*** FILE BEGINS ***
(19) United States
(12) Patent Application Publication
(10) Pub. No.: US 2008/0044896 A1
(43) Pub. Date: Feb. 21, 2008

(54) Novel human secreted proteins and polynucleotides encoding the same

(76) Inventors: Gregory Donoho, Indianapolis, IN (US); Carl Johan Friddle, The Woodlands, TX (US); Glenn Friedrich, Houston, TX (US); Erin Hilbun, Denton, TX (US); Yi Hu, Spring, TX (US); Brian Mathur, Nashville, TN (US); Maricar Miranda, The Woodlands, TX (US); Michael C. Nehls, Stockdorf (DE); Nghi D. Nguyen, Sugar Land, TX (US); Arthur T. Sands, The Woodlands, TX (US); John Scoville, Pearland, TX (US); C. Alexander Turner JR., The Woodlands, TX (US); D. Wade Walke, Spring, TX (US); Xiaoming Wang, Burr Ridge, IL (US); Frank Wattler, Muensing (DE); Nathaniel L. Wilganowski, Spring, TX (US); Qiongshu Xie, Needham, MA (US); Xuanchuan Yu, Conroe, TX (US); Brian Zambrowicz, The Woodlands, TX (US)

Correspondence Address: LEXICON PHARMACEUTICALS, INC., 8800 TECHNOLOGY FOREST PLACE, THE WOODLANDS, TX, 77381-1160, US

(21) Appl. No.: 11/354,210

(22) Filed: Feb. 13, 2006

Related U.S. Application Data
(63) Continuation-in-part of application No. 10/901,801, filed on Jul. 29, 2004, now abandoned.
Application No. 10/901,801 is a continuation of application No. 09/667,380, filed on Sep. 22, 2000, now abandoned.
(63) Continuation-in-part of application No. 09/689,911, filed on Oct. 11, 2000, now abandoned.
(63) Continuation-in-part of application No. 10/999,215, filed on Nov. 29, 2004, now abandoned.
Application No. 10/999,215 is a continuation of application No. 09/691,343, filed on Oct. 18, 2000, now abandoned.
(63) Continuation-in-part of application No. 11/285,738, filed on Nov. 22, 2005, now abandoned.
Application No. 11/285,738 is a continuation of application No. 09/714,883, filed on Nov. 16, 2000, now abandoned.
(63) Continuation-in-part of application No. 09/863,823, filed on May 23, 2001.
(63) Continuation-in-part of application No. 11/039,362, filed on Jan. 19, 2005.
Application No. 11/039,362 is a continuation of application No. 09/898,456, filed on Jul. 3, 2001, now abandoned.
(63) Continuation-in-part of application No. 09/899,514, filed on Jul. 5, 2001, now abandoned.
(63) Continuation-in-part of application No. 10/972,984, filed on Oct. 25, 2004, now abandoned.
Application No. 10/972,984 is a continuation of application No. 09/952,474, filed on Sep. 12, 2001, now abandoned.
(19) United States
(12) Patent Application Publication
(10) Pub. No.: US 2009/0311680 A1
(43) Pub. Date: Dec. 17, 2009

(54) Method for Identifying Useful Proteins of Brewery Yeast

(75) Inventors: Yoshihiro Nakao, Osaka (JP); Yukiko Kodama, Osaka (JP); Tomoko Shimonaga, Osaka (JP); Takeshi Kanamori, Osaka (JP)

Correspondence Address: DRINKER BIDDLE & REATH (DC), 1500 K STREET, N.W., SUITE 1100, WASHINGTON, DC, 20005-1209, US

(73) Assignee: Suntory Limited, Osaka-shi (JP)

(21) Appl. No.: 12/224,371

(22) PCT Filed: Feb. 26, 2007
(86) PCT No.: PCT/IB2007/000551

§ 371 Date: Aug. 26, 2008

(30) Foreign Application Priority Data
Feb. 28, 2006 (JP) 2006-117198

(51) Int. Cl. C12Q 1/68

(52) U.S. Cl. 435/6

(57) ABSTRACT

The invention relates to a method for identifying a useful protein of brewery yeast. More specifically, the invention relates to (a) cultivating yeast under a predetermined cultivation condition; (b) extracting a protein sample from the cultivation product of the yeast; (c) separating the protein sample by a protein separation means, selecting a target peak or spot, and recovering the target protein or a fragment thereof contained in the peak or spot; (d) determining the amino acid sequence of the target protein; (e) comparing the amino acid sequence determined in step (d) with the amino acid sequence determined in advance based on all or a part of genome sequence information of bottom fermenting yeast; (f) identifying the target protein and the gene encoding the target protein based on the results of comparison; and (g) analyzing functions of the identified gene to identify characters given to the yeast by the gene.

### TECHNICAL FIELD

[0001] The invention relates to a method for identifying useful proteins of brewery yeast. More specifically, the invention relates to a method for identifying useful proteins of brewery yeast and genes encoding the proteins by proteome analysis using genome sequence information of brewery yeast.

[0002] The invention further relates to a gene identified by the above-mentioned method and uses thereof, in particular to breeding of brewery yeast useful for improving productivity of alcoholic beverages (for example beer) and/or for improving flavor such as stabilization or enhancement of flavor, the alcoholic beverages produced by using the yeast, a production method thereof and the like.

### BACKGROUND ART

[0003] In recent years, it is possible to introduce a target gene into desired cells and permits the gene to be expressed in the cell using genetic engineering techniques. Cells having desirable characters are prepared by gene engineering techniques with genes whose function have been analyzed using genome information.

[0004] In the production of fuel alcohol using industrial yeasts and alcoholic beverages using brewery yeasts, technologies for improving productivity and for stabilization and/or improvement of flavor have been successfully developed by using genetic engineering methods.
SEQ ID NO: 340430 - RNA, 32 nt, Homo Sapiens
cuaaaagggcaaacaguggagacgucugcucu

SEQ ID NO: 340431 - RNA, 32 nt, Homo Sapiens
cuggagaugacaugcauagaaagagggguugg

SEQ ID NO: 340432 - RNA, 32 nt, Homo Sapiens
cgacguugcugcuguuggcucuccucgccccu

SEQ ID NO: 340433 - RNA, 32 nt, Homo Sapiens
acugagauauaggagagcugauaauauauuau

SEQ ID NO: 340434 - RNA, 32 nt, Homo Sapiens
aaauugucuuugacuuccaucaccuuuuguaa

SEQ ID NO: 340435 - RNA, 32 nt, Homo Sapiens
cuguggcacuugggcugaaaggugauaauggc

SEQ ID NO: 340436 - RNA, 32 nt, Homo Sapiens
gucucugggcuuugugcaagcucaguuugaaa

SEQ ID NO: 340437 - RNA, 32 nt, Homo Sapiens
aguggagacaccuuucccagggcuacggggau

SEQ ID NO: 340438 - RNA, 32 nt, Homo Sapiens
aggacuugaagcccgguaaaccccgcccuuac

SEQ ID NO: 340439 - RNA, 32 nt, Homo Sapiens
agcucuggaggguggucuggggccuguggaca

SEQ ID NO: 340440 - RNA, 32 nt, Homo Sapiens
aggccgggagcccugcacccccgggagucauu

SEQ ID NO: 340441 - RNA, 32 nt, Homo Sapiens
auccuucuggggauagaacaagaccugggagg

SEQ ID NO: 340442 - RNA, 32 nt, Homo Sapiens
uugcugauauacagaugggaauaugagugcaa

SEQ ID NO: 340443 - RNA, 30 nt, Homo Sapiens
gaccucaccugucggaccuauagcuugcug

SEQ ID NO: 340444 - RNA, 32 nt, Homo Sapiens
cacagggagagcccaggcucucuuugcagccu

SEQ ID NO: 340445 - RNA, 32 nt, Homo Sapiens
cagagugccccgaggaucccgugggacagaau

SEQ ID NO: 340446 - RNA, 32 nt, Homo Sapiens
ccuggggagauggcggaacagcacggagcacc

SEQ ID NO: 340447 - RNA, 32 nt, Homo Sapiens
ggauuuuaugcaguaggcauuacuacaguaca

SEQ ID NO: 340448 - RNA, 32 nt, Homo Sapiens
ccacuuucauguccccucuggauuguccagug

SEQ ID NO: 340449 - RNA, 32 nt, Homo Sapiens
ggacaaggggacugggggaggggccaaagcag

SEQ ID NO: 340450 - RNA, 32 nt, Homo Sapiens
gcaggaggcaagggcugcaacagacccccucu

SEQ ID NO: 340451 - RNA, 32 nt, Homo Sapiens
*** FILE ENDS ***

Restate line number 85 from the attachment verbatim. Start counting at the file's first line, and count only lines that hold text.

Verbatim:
ccacuuucauguccccucuggauuguccagug